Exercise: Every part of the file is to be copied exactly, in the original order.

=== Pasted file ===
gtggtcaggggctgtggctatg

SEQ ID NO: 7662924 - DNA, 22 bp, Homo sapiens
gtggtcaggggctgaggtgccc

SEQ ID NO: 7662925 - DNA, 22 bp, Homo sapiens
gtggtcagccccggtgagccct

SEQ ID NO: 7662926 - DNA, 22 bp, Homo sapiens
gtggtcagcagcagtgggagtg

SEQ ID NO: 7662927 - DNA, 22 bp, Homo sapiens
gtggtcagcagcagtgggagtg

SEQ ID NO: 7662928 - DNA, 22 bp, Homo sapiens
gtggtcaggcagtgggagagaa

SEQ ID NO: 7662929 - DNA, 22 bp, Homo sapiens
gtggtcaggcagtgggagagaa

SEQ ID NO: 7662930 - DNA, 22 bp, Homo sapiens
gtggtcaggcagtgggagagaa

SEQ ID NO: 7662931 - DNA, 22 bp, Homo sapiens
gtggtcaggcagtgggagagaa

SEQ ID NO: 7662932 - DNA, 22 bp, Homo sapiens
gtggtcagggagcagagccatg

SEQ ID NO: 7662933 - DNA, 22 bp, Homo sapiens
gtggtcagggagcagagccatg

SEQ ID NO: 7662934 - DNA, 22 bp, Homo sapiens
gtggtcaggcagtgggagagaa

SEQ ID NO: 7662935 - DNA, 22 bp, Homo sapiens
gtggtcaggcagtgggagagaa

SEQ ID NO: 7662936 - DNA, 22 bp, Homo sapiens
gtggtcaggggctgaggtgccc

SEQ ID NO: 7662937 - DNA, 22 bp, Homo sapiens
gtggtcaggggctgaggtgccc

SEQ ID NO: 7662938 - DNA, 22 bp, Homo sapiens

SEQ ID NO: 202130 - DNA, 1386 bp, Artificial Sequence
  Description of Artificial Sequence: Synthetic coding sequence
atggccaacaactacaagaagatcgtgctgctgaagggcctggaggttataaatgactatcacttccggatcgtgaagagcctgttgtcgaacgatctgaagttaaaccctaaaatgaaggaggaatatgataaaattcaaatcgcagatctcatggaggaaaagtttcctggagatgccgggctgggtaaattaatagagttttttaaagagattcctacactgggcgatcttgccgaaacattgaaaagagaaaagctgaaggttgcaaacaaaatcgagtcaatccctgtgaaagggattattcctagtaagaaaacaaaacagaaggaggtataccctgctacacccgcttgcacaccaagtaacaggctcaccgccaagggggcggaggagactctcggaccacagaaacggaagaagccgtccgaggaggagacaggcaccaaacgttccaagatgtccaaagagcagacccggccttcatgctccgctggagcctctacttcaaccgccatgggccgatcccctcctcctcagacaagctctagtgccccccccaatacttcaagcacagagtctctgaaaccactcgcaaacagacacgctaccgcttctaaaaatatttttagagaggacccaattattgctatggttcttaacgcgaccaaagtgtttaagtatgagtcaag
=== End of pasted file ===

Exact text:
gtggtcaggggctgtggctatg

SEQ ID NO: 7662924 - DNA, 22 bp, Homo sapiens
gtggtcaggggctgaggtgccc

SEQ ID NO: 7662925 - DNA, 22 bp, Homo sapiens
gtggtcagccccggtgagccct

SEQ ID NO: 7662926 - DNA, 22 bp, Homo sapiens
gtggtcagcagcagtgggagtg

SEQ ID NO: 7662927 - DNA, 22 bp, Homo sapiens
gtggtcagcagcagtgggagtg

SEQ ID NO: 7662928 - DNA, 22 bp, Homo sapiens
gtggtcaggcagtgggagagaa

SEQ ID NO: 7662929 - DNA, 22 bp, Homo sapiens
gtggtcaggcagtgggagagaa

SEQ ID NO: 7662930 - DNA, 22 bp, Homo sapiens
gtggtcaggcagtgggagagaa

SEQ ID NO: 7662931 - DNA, 22 bp, Homo sapiens
gtggtcaggcagtgggagagaa

SEQ ID NO: 7662932 - DNA, 22 bp, Homo sapiens
gtggtcagggagcagagccatg

SEQ ID NO: 7662933 - DNA, 22 bp, Homo sapiens
gtggtcagggagcagagccatg

SEQ ID NO: 7662934 - DNA, 22 bp, Homo sapiens
gtggtcaggcagtgggagagaa

SEQ ID NO: 7662935 - DNA, 22 bp, Homo sapiens
gtggtcaggcagtgggagagaa

SEQ ID NO: 7662936 - DNA, 22 bp, Homo sapiens
gtggtcaggggctgaggtgccc

SEQ ID NO: 7662937 - DNA, 22 bp, Homo sapiens
gtggtcaggggctgaggtgccc

SEQ ID NO: 7662938 - DNA, 22 bp, Homo sapiens

SEQ ID NO: 202130 - DNA, 1386 bp, Artificial Sequence
  Description of Artificial Sequence: Synthetic coding sequence
atggccaacaactacaagaagatcgtgctgctgaagggcctggaggttataaatgactatcacttccggatcgtgaagagcctgttgtcgaacgatctgaagttaaaccctaaaatgaaggaggaatatgataaaattcaaatcgcagatctcatggaggaaaagtttcctggagatgccgggctgggtaaattaatagagttttttaaagagattcctacactgggcgatcttgccgaaacattgaaaagagaaaagctgaaggttgcaaacaaaatcgagtcaatccctgtgaaagggattattcctagtaagaaaacaaaacagaaggaggtataccctgctacacccgcttgcacaccaagtaacaggctcaccgccaagggggcggaggagactctcggaccacagaaacggaagaagccgtccgaggaggagacaggcaccaaacgttccaagatgtccaaagagcagacccggccttcatgctccgctggagcctctacttcaaccgccatgggccgatcccctcctcctcagacaagctctagtgccccccccaatacttcaagcacagagtctctgaaaccactcgcaaacagacacgctaccgcttctaaaaatatttttagagaggacccaattattgctatggttcttaacgcgaccaaagtgtttaagtatgagtcaag